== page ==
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The community should provide adequate programs to help juvenile delinquents

I like your blog, it’s always fun to come back and check what you have to tell us today.

Great and frightening story about the driving and hypoglycemia Amy (frightening more than great, but thank you as always for filling us in, even on something -- especially on something -- so scary). In my view, there is no excuse for anyone with diabetes to get in a car and drive and not test first - and even though it's a huge pain, for anyone who has hypoglycemic unawareness of any degree, there isn't an excuse for continuing to drive and not stopping to test regularly if it is a long trip.

I think Doug's case is a little different for various reasons - but most of this is covered in the reactions to Amy's blog. Definitely encourage readers to go there - it is sobering, but so important for us all to keep in mind the very scary things that can happen.

In the wake of the Avandia and rimonabant recent goings on in DC, I've been saying that even insulin wouldn't be approved today. Of course that's wrong - the benefit (it saves lives) is so high that the risk of severe hypoglycemia is still considered an acceptable trade off. Great. So that puts the pressure on patients with diabetes who are at risk of hypoglycemia to check their BG more frequently - especially those of us who drive a lot (thankfully, I don't). I think it's pretty reasonable for us to be expected to be hypervigilant - especially looking at those pictures.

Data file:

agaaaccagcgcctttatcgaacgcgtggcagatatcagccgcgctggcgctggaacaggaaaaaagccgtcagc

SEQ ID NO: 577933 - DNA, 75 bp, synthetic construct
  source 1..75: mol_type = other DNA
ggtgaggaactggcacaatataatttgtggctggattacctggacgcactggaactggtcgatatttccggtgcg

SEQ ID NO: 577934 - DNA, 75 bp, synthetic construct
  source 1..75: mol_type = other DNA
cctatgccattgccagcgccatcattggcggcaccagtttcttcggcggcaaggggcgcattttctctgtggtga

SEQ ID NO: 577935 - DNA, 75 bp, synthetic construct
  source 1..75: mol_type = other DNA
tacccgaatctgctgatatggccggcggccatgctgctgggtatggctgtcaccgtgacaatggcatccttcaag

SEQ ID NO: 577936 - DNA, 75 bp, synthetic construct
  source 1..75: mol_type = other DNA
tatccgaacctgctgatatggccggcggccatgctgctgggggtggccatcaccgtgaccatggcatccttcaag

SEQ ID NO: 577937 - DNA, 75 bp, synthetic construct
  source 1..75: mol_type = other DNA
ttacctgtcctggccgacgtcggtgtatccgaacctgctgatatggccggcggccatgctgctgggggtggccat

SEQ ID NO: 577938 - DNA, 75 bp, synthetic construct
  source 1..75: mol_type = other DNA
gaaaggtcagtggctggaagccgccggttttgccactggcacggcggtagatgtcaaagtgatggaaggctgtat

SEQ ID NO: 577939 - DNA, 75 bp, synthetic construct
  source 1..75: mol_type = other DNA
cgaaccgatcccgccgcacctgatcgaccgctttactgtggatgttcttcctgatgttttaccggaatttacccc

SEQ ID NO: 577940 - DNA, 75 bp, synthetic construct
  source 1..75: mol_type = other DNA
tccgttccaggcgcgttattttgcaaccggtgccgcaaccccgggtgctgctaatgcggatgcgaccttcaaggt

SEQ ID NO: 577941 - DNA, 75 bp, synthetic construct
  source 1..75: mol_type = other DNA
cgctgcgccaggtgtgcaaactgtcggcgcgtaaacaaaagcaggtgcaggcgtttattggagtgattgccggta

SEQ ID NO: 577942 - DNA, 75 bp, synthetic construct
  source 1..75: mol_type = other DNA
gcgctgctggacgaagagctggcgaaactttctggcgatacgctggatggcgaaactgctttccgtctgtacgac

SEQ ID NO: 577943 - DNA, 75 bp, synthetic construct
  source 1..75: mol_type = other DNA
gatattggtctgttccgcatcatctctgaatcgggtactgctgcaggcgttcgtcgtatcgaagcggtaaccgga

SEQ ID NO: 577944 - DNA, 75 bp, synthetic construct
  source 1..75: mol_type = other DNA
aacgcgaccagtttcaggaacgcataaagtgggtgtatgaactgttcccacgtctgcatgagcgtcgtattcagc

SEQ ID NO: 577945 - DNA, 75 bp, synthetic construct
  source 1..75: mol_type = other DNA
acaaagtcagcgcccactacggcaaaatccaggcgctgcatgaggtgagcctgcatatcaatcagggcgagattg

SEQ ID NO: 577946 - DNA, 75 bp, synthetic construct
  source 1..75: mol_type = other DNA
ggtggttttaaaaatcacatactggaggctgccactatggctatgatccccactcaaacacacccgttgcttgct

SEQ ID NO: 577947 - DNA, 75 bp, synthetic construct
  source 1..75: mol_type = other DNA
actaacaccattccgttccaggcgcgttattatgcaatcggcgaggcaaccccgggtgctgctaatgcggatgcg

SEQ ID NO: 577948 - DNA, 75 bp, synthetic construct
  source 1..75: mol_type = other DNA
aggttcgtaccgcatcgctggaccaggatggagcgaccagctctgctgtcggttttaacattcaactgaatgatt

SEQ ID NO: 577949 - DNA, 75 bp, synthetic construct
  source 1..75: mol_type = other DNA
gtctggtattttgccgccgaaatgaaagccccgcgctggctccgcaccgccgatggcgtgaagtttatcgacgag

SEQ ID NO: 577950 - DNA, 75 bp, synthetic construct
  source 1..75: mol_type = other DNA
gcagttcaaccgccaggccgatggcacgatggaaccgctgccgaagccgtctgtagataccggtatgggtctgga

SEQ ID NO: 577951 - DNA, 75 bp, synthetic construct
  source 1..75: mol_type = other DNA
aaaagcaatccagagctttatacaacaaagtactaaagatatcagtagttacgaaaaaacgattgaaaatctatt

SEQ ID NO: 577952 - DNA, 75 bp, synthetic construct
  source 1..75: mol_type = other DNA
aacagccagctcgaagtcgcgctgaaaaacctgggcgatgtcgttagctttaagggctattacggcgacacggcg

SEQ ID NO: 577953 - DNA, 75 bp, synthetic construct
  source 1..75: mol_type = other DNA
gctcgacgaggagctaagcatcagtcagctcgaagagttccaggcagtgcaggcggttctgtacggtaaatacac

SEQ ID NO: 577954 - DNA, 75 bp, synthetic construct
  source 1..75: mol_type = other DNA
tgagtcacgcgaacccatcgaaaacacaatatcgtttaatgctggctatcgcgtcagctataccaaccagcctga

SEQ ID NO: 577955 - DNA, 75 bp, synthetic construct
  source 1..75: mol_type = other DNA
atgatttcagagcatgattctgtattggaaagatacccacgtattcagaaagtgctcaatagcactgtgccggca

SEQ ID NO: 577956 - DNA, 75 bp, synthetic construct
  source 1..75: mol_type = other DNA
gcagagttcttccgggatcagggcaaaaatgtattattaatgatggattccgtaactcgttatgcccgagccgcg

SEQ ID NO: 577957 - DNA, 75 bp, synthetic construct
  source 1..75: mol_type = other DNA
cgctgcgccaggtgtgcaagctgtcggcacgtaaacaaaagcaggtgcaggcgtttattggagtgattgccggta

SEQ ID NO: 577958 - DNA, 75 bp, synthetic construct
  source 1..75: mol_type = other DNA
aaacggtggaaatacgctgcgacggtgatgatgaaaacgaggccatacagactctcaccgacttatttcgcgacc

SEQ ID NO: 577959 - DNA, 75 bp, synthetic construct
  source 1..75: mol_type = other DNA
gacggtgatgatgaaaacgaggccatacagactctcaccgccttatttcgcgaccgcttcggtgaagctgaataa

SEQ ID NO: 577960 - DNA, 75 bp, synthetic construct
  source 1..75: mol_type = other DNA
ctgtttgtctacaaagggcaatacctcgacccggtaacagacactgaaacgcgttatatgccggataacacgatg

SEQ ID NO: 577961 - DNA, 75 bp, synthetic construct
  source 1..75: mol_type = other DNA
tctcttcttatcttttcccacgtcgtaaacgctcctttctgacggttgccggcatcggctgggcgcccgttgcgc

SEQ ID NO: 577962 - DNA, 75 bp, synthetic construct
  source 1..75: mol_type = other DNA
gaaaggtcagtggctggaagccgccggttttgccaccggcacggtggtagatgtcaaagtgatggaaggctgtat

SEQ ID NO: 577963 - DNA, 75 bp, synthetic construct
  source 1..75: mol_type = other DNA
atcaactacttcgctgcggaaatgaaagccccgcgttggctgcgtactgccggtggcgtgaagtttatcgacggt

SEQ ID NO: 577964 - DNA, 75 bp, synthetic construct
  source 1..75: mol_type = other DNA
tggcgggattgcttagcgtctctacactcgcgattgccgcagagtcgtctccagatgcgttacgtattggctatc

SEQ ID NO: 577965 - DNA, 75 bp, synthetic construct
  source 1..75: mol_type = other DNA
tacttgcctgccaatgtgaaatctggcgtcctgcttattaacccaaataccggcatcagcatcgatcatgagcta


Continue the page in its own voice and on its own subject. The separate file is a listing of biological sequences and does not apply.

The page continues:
Unfortunately, there is a darker side to all this. See my latest post at
http://www.diabetesmine.com/2007/06/when_things_get.html .

- AmyT

Anna who?

Actually, both would be great. And, of course, we wouldn't wish Doug any harm, either, so it's FAR far better for him to have this resolved. People just respond to hype - sad but true, it's one kind of education.

A public spokesperson would be great - even just more people who already HAVE it who are already celebrities/public figures who are willing to speak out would be nice. I can think of a couple of people in particular who are diabetic but never talk about it - but who sure would receive attention if they would be willing to speak out. For whatever reason they haven't. It's not a responsibility for them to do so, but just - it would be nice.

On a personal note, I think the war in Iraq _should_ be working against the party that engineered it, so I can't argue there.

Very interesting perspective! However, my personal feeling is that rather than using a public trial as education for the rest of the country, we would be far better off with a public figure actually living with this disease rather than a flash-in-the-pan trial that makes news for a short period, then becomes tomorrow's forgotten news story (it won't be long before Anna Nicole Smith becomes a forgotten page in news history).

While we have Mike Huckabee with type 2 diabetes as a potential Presidential candidate, I don't see him likely to emerge, as his Republican rivals have raised far more money than he has, and the political pendulum seems to be swinging away from the Republicans as the lingering war in Iraq seems to be working against the party that engineered it. Only time will tell, but I still believe that until we have a prominent public spokesman (e.g. politician) with the disease, it will not receive the public attention it really deserves.

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